In a much-awaited decision, the Supreme Court finally resolved the longstanding split among the circuit courts regarding the applicability of the “settlement payment defense” under 546(e) of the Bankruptcy Code (the Settlement Payment Defense). The Merit Management1 Court’s focus on § 546(e)’s scope should ease the minds of those who worried the Supreme Court would limit the Bankruptcy Code’s definition of a “financial institution.”2
1. The Settlement Payment Defense
The Settlement Payment Defense shields covered entities from constructive fraudulent conveyance actions by precluding a trustee from recovering a “settlement payment” or “transfer” made “by or to (or for the benefit of)” these entities, including financial institutions. Many defendant-transferees raise the Settlement Payment Defense to protect their received settlement payments.
2. Pre-Merit Management Circuit Split
Prior to the Merit Management decision, circuit courts had two views on the reach of the Settlement Payment Defense. One view (the Plurality View), subscribed to by five circuit courts, allowed the existence of a financial institution in the chain of transfers to insulate subsequent transferees from liability. While the defendant, typically the transaction’s ultimate transferee, is not a covered entity, the financial institution that makes the final payment to said transferee usually is. Thus, the theory goes that if one of the component parts to the transaction is a covered entity, the whole transaction is protected by the Settlement Payment Defense.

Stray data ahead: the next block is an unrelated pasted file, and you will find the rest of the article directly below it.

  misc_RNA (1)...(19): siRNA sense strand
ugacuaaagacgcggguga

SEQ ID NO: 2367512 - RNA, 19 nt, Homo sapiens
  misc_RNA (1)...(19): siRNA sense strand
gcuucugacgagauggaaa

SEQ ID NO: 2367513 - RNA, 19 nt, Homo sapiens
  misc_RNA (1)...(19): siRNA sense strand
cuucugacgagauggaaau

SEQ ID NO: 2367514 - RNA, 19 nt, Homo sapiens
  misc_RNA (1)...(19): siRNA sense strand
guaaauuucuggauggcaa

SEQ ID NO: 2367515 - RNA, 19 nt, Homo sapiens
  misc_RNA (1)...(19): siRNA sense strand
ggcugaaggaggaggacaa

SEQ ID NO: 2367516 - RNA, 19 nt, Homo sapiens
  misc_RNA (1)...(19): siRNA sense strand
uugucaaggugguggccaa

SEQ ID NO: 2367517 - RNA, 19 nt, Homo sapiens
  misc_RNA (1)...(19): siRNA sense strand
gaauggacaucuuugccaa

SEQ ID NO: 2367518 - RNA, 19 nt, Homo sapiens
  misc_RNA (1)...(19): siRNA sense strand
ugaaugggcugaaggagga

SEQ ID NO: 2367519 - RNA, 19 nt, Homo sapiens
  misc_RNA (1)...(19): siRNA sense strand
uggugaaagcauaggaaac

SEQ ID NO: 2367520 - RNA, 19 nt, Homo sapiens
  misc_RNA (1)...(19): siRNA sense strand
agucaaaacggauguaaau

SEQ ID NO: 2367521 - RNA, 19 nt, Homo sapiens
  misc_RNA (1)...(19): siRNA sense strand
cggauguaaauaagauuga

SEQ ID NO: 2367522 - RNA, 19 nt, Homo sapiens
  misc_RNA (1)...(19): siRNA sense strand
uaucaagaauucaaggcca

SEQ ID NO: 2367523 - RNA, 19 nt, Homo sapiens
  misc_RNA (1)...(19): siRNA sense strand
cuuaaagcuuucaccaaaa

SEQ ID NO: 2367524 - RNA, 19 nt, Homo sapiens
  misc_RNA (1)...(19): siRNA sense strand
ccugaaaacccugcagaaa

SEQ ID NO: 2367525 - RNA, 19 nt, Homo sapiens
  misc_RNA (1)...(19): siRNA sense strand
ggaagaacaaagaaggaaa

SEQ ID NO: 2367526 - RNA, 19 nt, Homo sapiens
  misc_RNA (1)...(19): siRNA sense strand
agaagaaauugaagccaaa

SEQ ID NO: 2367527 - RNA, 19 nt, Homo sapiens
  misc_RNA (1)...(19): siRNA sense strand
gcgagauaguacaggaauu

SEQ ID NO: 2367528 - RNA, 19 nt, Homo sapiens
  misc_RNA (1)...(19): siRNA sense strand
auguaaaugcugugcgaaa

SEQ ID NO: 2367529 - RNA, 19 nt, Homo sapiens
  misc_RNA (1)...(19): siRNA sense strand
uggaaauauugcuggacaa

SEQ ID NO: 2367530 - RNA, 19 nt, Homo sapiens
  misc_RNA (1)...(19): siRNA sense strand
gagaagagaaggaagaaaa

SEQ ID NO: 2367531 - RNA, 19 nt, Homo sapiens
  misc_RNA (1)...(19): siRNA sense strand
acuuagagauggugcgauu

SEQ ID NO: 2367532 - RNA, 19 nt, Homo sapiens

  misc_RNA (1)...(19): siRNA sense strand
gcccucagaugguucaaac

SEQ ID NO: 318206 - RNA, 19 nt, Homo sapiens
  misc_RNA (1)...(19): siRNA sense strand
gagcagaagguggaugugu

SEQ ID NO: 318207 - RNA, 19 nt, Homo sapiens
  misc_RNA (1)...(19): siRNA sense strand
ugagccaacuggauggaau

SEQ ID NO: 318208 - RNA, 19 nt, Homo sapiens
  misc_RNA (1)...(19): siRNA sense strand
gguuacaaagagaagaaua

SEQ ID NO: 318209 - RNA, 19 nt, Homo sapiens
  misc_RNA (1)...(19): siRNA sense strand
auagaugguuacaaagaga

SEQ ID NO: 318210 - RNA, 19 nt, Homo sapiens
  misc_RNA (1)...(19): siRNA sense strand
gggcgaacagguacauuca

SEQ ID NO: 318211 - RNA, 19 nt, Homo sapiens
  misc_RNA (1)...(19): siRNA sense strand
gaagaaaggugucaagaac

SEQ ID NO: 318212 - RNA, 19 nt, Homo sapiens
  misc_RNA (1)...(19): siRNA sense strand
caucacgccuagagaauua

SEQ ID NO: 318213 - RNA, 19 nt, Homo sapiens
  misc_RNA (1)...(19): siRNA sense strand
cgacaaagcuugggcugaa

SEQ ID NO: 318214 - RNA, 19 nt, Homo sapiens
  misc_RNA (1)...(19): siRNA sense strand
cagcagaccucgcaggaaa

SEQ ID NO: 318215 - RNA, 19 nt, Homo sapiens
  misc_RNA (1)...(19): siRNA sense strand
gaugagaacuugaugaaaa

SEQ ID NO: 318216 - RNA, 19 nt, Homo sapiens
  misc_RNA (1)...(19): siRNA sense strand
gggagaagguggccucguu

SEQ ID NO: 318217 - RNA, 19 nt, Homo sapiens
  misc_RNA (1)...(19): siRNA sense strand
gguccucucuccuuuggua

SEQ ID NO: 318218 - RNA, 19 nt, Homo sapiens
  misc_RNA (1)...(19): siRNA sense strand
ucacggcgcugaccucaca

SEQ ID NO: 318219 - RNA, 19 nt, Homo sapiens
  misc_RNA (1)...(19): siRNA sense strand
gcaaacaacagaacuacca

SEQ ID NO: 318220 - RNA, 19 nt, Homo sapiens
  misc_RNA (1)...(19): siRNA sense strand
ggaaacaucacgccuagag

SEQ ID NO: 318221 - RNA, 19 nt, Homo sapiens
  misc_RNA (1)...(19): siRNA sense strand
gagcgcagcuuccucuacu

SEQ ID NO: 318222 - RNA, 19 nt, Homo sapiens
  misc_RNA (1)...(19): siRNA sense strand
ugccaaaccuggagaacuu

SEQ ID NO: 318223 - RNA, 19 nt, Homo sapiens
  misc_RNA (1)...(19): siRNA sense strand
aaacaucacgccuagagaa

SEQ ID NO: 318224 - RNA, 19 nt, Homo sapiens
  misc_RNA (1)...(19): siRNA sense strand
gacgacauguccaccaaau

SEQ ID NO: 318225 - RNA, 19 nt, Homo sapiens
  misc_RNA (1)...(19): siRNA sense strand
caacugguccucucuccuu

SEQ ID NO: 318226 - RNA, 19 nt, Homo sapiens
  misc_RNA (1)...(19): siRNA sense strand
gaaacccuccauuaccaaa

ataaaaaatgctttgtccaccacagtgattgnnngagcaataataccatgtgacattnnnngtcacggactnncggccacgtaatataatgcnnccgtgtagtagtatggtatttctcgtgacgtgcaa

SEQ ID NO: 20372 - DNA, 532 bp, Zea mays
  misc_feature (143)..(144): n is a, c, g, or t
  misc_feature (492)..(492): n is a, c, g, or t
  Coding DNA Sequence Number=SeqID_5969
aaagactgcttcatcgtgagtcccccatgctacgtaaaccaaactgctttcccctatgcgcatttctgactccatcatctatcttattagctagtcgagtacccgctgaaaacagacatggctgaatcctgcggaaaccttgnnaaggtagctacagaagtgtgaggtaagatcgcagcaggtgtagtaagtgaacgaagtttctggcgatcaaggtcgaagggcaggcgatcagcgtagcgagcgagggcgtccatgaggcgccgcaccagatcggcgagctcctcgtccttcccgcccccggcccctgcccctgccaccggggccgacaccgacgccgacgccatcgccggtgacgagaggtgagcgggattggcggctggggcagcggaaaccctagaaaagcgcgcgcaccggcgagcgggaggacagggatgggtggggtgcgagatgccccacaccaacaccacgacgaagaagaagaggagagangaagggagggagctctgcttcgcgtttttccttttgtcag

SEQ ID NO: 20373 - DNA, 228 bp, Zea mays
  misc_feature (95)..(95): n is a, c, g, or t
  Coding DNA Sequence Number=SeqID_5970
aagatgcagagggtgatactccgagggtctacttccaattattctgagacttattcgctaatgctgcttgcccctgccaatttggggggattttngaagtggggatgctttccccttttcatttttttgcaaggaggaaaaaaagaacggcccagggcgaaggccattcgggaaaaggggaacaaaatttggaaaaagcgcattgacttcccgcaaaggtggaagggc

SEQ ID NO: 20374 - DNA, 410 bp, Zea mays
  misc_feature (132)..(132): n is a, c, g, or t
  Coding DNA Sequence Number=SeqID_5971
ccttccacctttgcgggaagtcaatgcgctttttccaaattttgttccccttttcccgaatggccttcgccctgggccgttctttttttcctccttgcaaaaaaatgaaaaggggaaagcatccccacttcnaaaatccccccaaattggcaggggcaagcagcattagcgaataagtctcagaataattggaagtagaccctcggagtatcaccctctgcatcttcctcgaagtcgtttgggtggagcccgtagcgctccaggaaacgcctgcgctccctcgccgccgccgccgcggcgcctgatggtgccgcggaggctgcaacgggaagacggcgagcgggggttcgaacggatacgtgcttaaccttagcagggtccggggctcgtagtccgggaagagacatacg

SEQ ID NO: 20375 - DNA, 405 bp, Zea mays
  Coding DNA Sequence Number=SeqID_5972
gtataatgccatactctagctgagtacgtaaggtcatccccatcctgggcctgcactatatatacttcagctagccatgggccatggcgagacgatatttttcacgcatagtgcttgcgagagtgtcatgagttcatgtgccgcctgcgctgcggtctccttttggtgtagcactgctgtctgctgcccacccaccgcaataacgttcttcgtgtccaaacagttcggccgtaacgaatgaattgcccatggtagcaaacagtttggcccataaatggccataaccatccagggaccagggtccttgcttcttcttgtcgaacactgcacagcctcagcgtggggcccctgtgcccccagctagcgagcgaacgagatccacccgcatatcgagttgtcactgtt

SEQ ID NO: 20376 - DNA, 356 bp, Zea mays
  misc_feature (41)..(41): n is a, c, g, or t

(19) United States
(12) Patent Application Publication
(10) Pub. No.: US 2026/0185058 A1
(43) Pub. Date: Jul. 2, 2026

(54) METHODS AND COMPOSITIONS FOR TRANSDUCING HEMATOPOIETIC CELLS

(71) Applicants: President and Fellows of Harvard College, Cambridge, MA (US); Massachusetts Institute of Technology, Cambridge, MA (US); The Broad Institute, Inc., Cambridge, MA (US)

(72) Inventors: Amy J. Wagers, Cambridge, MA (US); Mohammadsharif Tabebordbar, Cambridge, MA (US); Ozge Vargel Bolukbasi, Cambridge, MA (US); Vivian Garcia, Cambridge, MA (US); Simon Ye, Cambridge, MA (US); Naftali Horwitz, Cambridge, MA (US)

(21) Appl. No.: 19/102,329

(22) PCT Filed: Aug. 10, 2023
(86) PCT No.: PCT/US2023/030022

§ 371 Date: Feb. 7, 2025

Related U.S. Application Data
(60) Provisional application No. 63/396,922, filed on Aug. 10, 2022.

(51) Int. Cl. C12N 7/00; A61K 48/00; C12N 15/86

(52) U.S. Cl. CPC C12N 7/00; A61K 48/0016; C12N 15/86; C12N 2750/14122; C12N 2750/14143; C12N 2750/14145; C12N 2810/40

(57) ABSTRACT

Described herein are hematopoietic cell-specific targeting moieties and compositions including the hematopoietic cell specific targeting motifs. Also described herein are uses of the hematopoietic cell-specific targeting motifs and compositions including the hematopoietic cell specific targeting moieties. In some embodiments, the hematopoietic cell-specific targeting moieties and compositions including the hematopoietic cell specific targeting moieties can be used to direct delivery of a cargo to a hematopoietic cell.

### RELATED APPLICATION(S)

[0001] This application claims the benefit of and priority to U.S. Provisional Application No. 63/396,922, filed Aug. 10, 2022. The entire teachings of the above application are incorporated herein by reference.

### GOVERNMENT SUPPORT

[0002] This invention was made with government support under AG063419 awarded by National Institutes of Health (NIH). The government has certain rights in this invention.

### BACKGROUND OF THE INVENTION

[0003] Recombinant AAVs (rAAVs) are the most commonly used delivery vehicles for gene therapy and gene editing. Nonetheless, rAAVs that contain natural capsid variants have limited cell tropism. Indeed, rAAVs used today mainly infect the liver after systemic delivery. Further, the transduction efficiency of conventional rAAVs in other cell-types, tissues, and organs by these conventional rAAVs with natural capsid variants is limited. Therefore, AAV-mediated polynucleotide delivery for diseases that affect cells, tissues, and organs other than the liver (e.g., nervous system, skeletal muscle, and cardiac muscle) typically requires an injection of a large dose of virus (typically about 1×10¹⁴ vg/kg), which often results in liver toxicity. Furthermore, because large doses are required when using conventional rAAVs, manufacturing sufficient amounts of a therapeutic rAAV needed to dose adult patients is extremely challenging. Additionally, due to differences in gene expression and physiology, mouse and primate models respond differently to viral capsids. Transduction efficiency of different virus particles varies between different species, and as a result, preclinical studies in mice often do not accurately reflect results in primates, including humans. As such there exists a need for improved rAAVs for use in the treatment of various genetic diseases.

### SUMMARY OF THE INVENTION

The Seventh Circuit proposed a different view (the Seventh Circuit View), which looked at the transaction as a whole and focused on the ultimate transferee. Namely, the Seventh Circuit held that the Settlement Payment Defense did not apply when the only covered entity is the financial institution that served as a mere conduit for the distribution of payment to the transferee.
In Merit Management, one side argued in favor of the Plurality View, and the other asserted that the Seventh Circuit View applies.
3. Brief Facts in Merit Management
The Merit Management case involved a chapter 11 trustee (the Trustee) that identified what it considered to be a constructive fraudulent transfer from the Debtor to a transferee (the Transferee). The Trustee alleged that the Debtor purchased stock from the Transferee at a price that did not provide fair value.3 Therefore, the Trustee filed suit to recover (“avoid”) the allegedly dubious pre-petition payments.